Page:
Frank (Frank Langella) is in his twilight years, living alone in the woods near a well off area of New York state and trying to hold onto his memories as dementia creeps inexorably into his mind and chases them away. His favourite haunt is the library where he can get a book to read but as it is he's practically their last customer because most people acquire their books digitally now, though at least he gets to chat with the librarian Jennifer (Susan Sarandon). But the less able he is to look after himself, the more concerned his son Hunter (James Marsden) gets, to the extent that he comes up with a drastic solution...
Which you can guess from the title, in a poignant little science fiction tale about the trials of old age where your friends have dwindled away and your family are worried about you but don't see you so often - Frank's daughter Madison (Liv Tyler) spends her time travelling abroad - and more importantly your faculties are slipping. Frank is aware that he's not as sharp as he used to be, but he's stubborn and doesn't wish to admit he needs help, thus the ideal solution Hunter dreams up is one of those new carer robots which are designed to carry out tasks for the elderly and keep them healthy. This doesn't go down too well with his father until he finds he quite likes the machine.
Not that he ever gives it a name, but as voiced by Peter Sarsgaard (Rachael Ma was in the suit) it is kind of a benevolent version of all those highly advanced robots which populate sci-fi but have a habit of going haywire for the full on futuristic dystopia to be unleashed. So much for that cliché, but this robot had a stronger antecedent to Robby the Robot from Forbidden Planet, being strangely endearing and living to serve as far as its programming will take him. The sad thing is that in this stage of his life, it's the best friend Frank has, so you can see where this might be a useful and helpful item of technology, but also that its owner has moved past the point of being those things himself, not through his own fault.
However, while there would be a depressing story of a life winding down to eventual oblivion looming in many a different take on such a situation, in this case screenwriter Christopher D. Ford adopted a more lighthearted element when Frank's shady past is revealed. We understand Hunter is merely tolerating his father since he is family and not because the man was a good parent, and that is down to Frank spending most of his time in prison when his offspring were growing up; he's a jewel thief you see, and longs for the days when he could go around breaking in, stealing valuables, and finding ways of selling them off in dodgy deals. But can he relive this misspent youth (and middle age)?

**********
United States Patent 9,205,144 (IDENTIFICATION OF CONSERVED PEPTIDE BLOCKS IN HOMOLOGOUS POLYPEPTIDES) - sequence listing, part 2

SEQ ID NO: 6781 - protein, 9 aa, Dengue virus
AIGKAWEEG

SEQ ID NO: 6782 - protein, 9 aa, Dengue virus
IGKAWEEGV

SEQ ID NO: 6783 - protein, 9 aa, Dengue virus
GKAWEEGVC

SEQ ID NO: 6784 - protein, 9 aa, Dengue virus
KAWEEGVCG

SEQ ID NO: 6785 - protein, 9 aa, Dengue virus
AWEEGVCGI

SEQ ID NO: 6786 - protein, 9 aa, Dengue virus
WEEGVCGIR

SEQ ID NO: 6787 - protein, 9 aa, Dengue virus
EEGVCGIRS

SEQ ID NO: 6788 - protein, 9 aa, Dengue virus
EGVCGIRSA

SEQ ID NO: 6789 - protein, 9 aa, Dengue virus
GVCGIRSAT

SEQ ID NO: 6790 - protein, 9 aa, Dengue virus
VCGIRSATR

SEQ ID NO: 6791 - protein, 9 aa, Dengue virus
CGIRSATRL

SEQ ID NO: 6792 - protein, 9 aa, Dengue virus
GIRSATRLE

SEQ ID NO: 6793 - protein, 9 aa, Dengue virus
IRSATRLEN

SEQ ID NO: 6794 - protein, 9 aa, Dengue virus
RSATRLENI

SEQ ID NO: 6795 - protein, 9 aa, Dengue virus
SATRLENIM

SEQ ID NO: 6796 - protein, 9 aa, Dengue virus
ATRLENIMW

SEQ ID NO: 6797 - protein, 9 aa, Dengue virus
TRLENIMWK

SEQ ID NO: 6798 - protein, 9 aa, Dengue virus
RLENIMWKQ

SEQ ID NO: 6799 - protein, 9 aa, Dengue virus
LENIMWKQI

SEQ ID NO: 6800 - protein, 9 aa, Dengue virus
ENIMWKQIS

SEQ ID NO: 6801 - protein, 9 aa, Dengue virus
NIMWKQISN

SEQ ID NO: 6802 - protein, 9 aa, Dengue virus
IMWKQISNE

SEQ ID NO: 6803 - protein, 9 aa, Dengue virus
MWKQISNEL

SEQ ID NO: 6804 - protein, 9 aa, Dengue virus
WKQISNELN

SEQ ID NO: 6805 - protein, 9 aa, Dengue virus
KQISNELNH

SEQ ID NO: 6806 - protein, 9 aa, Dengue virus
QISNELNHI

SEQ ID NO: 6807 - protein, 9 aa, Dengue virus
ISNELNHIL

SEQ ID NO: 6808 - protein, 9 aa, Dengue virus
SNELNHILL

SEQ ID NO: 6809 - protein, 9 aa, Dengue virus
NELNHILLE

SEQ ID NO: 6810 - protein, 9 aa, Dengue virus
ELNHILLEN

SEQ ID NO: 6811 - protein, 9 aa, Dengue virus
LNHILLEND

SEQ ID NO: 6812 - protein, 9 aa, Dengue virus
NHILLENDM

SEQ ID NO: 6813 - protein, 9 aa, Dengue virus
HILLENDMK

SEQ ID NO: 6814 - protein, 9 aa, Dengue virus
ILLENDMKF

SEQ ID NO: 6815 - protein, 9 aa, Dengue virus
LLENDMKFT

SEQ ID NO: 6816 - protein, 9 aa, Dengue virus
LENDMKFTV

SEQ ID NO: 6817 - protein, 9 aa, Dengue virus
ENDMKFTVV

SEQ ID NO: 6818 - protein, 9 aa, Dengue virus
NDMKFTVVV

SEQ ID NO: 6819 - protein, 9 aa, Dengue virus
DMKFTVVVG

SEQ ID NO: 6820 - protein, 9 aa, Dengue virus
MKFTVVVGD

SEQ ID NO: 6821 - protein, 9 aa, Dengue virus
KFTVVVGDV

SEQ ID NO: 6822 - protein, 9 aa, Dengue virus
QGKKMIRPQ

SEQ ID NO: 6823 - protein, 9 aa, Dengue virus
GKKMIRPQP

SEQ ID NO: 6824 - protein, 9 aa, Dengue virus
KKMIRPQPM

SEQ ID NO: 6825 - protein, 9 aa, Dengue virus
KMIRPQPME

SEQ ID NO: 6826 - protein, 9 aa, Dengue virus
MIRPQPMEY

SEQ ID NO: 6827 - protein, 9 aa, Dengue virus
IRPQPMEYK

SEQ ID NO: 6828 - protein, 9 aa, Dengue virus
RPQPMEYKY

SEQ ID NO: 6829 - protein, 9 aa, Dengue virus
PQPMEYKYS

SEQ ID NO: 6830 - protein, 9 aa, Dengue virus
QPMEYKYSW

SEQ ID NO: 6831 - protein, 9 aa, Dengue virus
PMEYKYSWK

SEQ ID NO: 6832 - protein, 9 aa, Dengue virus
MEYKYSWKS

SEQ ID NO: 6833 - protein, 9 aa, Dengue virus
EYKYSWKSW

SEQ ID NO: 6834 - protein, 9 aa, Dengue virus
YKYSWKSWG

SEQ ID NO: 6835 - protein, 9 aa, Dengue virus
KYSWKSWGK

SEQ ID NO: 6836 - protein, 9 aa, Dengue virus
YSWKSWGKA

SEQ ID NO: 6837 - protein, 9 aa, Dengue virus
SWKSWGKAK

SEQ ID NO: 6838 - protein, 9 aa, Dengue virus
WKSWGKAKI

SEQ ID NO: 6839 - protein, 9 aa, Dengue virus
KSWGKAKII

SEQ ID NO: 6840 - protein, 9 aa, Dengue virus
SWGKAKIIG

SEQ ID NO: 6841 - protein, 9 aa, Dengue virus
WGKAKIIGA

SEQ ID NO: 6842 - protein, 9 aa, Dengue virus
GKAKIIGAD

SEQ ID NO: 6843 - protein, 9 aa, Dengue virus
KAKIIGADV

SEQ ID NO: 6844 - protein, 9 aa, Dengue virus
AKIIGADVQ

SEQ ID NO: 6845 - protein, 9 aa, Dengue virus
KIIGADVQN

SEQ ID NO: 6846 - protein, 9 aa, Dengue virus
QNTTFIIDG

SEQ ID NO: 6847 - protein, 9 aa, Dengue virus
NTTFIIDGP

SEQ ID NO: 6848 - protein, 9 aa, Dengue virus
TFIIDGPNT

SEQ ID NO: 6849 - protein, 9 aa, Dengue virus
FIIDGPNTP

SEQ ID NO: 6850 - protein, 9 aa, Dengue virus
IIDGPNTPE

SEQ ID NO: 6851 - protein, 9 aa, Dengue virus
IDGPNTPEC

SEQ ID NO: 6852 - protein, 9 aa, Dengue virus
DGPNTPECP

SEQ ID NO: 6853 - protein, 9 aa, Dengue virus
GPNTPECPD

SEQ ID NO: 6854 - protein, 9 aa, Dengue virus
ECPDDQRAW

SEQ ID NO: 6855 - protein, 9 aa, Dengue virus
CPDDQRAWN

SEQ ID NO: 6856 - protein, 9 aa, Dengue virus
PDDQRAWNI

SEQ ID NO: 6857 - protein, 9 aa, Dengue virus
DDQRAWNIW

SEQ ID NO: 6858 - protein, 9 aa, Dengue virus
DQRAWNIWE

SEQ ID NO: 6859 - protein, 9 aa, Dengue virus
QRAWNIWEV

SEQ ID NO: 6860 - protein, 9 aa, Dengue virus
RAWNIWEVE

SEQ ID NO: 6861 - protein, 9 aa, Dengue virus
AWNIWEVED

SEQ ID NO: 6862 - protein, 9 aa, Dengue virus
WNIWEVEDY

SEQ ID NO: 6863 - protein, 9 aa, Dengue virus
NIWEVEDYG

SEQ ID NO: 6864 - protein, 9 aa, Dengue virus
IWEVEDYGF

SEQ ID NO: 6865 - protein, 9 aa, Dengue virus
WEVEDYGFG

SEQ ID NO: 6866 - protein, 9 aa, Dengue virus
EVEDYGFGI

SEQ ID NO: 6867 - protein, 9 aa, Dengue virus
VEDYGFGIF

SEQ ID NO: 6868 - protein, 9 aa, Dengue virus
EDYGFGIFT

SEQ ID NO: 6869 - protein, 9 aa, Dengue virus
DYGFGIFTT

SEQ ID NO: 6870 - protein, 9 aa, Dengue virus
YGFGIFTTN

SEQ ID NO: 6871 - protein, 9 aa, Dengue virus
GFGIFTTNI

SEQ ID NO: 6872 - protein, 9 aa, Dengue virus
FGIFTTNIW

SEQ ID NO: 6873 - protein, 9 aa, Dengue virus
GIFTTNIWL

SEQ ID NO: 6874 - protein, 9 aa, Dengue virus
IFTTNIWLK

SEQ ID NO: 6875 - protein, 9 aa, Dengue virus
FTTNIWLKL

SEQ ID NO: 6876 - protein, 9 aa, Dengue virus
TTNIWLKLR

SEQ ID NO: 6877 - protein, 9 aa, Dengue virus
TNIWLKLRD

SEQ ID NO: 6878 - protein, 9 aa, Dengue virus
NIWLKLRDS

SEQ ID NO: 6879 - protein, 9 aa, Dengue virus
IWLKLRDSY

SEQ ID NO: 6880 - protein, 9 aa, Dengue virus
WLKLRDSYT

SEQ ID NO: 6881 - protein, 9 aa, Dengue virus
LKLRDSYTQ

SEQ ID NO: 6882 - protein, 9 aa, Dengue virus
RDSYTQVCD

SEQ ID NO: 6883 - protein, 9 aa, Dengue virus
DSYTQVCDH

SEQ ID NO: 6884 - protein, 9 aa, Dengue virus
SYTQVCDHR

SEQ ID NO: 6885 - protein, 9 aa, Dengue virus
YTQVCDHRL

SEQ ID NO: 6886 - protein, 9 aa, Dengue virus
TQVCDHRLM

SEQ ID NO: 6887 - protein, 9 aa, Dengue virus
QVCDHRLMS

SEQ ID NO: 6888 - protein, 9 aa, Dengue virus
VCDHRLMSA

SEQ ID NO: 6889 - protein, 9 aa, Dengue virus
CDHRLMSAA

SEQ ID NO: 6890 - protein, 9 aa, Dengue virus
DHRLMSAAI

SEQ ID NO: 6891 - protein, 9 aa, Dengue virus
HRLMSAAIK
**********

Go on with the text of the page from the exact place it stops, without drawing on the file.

The robot might be a key to that, thus Frank trains his new pal in the art of lock picking and safecracking. Their first target is the library because in his confused mind he wants to steal a rare ediition of Don Quixote and give it to Jennifer at a do to celebrate the takeover of the establishment by a powerful conglomerate, whose most visible member is Jake (Jeremy Strong), a slick operator who has just moved in locally. Frank dislikes him immediately and the film suggests we should be feeling the same way, but then he is not exactly a sympathetic character himself as we only feel any pity at his plight due to his crumbling mental state, an intriguing mix of emotions for such a seemingly simple plotline. Although there were times when director Jake Schreier was verging towards the too cute end of the scale, the fear of the downside of old age worked up a genuine interest in seeing how this would turn out, and as Frank's only ally is threatening to leave him too (his own fault) it closes on a poignant conclusion that we will all have to surrender eventually. Music by Francis and the Lights (the director's band).